The EU will end up accepting an independent Catalonia as a member state because political and economic arguments hold more sway than Spain's veto right.
That's the upbeat argument put forward by pro-independence advisers in a report which is part of a series looking at the future of the region.
The report comes in response to previous statements by the EU and Nato that Catalonia — which has more people than Denmark and an economy rivalling Portugal's in size — would be excluded if it broke away from Spain.
The document prepared by Catalonia's National Transition Advisory Council examines four possible outcomes for the region if it chose to declare independence.
In the first scenario, Catalonia would be automatically accepted into the EU. The second scenario would see the newly independent state temporarily outside the union, before rapidly rejoining, with EU law still in force in the interim.
The third possible option would involve Catalonia joining the queue to become EU members, along with countries like Iceland and Turkey while the final possibility would see Catalonia outside of the EU.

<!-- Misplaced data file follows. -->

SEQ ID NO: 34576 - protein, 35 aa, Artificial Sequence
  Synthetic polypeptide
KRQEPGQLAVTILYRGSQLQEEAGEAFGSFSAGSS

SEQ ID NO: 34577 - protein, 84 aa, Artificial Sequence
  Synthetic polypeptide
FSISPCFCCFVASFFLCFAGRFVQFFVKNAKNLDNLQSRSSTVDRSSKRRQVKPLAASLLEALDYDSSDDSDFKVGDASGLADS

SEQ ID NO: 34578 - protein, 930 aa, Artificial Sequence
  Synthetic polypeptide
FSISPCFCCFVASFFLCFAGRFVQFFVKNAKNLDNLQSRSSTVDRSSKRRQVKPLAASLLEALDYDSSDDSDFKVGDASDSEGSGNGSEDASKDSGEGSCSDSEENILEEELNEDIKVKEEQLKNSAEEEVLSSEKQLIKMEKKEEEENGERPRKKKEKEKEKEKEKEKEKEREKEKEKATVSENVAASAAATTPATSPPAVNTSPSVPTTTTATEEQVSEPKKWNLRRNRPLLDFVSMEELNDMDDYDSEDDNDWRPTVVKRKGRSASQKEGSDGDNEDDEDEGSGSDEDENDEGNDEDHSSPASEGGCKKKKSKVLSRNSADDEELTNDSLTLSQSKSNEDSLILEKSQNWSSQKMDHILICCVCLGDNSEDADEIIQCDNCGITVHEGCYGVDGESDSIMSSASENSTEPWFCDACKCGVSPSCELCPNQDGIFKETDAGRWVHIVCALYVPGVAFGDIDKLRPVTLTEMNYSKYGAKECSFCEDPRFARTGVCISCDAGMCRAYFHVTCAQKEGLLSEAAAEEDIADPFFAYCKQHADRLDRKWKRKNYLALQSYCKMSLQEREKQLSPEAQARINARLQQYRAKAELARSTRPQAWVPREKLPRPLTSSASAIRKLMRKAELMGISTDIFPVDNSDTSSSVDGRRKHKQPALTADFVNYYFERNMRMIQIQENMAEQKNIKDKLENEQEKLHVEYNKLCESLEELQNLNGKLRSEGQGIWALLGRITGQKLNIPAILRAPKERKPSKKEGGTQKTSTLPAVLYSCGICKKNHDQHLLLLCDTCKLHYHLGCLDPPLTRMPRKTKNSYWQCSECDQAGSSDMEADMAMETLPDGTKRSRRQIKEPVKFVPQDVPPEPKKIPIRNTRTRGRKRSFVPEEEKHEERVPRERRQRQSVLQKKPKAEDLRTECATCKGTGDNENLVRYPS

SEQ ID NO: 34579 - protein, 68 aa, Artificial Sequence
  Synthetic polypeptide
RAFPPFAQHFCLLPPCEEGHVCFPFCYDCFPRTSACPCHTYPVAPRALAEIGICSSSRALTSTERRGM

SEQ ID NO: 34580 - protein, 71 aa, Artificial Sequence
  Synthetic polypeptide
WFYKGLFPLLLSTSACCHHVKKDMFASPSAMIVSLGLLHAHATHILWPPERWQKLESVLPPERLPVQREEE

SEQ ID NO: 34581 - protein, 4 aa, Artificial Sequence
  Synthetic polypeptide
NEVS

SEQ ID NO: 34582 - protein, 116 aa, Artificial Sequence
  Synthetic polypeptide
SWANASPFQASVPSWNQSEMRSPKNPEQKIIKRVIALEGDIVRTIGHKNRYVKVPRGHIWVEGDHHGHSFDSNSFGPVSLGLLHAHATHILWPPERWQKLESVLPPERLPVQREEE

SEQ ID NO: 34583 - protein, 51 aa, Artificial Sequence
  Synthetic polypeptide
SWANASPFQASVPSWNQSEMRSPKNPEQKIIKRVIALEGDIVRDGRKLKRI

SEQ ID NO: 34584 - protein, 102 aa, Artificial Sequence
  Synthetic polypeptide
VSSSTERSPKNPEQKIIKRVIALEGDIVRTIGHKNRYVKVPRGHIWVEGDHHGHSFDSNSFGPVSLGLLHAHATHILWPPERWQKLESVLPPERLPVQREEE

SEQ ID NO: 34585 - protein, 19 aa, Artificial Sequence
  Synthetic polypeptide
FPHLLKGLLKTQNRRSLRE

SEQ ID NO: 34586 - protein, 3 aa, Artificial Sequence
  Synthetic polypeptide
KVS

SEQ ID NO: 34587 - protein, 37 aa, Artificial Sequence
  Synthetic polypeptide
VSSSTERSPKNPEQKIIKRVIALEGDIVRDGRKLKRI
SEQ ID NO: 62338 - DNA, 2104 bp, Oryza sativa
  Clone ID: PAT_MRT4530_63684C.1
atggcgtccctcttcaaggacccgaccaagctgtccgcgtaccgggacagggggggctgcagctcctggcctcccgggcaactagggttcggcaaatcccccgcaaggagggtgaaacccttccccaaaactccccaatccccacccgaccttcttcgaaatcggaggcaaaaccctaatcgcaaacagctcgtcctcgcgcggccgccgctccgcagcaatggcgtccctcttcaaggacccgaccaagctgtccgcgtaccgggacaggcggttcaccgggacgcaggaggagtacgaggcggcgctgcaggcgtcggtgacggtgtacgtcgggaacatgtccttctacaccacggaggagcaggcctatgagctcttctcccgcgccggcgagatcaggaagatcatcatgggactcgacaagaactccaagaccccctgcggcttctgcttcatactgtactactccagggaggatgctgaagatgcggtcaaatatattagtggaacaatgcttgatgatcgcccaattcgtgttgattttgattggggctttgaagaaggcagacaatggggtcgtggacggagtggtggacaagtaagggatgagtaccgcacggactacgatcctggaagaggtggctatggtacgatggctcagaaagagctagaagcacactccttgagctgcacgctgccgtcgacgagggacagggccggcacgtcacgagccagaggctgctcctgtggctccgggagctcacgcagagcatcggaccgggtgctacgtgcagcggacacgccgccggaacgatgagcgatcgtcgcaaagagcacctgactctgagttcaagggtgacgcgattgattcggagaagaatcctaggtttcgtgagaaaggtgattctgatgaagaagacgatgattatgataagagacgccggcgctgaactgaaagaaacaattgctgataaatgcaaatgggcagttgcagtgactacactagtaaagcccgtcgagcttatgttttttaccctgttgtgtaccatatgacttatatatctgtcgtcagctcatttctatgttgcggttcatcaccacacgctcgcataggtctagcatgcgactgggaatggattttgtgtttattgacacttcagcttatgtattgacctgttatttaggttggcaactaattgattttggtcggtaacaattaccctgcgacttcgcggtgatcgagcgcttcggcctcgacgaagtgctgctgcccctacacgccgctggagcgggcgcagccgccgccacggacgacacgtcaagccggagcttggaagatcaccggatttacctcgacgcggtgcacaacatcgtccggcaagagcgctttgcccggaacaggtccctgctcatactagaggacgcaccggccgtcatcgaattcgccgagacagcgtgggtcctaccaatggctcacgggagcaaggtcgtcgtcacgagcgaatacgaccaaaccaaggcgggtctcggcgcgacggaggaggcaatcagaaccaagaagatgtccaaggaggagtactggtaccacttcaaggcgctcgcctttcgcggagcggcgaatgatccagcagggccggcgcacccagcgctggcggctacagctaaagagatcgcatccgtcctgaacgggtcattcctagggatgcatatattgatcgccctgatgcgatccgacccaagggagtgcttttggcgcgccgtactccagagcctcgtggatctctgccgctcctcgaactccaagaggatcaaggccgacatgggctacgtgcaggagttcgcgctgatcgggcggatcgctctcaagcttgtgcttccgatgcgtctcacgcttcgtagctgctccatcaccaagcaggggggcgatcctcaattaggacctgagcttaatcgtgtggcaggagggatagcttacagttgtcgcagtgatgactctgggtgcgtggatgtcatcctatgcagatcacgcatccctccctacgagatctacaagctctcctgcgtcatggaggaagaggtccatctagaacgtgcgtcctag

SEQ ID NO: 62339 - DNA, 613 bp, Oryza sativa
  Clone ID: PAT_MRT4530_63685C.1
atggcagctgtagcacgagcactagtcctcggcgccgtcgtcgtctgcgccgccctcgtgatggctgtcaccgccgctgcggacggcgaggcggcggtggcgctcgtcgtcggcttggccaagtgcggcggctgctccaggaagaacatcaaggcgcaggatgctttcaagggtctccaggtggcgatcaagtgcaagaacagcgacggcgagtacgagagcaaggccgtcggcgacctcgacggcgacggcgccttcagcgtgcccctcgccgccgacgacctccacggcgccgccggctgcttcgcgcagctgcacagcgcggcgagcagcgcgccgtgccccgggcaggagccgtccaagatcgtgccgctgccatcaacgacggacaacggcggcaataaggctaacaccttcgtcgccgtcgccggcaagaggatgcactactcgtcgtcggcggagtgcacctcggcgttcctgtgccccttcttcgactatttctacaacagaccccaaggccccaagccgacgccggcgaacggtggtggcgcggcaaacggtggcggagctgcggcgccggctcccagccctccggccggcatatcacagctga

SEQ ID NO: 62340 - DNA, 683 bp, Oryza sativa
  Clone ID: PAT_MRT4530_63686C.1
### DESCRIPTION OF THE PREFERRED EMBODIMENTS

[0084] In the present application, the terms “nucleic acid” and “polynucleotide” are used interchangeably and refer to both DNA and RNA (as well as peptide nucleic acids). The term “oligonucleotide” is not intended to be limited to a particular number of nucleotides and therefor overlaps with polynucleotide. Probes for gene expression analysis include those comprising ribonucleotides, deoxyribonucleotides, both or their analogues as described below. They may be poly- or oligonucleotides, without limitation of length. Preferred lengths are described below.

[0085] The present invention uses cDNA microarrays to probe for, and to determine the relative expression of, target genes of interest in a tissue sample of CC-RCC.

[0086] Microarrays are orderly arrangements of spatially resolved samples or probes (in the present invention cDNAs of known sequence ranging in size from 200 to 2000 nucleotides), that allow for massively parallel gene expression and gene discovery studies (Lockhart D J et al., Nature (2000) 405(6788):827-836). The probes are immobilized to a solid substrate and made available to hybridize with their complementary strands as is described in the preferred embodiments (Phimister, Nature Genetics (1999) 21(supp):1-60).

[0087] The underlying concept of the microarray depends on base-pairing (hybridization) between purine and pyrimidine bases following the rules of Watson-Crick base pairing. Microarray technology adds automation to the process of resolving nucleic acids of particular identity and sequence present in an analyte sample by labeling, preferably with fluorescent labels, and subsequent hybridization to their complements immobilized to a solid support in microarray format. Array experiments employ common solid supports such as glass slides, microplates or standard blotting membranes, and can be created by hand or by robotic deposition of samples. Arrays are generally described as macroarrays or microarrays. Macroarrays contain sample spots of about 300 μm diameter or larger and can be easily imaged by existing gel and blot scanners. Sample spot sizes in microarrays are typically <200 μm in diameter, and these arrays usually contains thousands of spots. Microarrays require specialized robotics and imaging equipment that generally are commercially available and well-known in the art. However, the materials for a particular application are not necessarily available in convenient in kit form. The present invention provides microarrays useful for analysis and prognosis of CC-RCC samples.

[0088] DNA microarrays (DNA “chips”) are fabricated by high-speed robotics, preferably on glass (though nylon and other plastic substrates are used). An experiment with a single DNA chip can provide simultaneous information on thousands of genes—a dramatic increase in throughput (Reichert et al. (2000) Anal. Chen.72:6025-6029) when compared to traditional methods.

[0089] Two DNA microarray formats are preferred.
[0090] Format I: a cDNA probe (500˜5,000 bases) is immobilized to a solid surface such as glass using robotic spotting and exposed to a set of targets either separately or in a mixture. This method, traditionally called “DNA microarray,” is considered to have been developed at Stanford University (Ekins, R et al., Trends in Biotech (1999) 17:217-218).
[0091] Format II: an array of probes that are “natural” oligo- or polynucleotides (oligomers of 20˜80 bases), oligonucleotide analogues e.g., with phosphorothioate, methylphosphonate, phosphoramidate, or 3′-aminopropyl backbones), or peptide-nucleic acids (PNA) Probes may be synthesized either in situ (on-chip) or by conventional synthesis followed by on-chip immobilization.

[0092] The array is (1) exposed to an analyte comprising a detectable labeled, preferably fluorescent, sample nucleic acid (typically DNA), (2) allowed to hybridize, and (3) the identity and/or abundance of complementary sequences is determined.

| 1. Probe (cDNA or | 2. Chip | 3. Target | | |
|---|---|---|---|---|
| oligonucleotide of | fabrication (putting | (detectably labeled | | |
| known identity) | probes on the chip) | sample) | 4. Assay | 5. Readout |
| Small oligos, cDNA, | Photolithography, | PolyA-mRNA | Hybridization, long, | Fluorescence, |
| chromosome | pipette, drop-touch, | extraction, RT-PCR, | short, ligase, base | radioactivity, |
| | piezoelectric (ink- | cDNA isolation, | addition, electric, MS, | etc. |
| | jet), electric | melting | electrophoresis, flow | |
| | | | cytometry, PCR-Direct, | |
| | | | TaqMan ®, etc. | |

But the National Transition Advisory Council is putting its weight behind the first option.
The Catalonia situation is not expressly addressed by EU or international law, the authors of the new report argue.
More critically, the 28-member union has generally been "extremely flexible and pragmatic when if comes to solving unforeseen problems", the report argues.
"The big issue is not a legal one. The question is not about expulsion (from the EU) but how and when to convert Catalonia into a State with full legal rights," the man behind the report, Carles Viver Pi-Sunyer, was quoted as saying in Spain's El País newspaper.
"It doesn't seem logical to make Catalonia leave (the EU) so that they can come back in," he added.
The report into the legal position of a hypothetical independent Catalonia comes in the wake of a vote in the Spanish Parliament rejecting a petition by the Catalan Government to be allowed to hold a referendum on the issue of independence on November 9th.
After a seven-hour debate, 299 members of parliament voted against the request by the Catalonia region to be granted the right to call a referendum while 47 supported the petition and one abstained.
Spain's Constitutional Court ruled last month that a region like Catalonia could not "unilaterally" call a referendum on its sovereignty.
But the Catalan government argues that a 2006 Catalan autonomy statute which was passed by Spain's parliament granted the region the power to hold referendums.
Regional president Mas, has always vowed to remain within the law and he stressed after the vote that the April 9th rejection was not final.
"From this painful 'no', the Catalan institutions will seek to build legal frameworks, and there are several, allowing for this November 9th ballot to take place," he said.
Mas has also threatened to call snap regional elections as a form of plebiscite on the struggle for independence.
To see the full report (in Catalan) click here.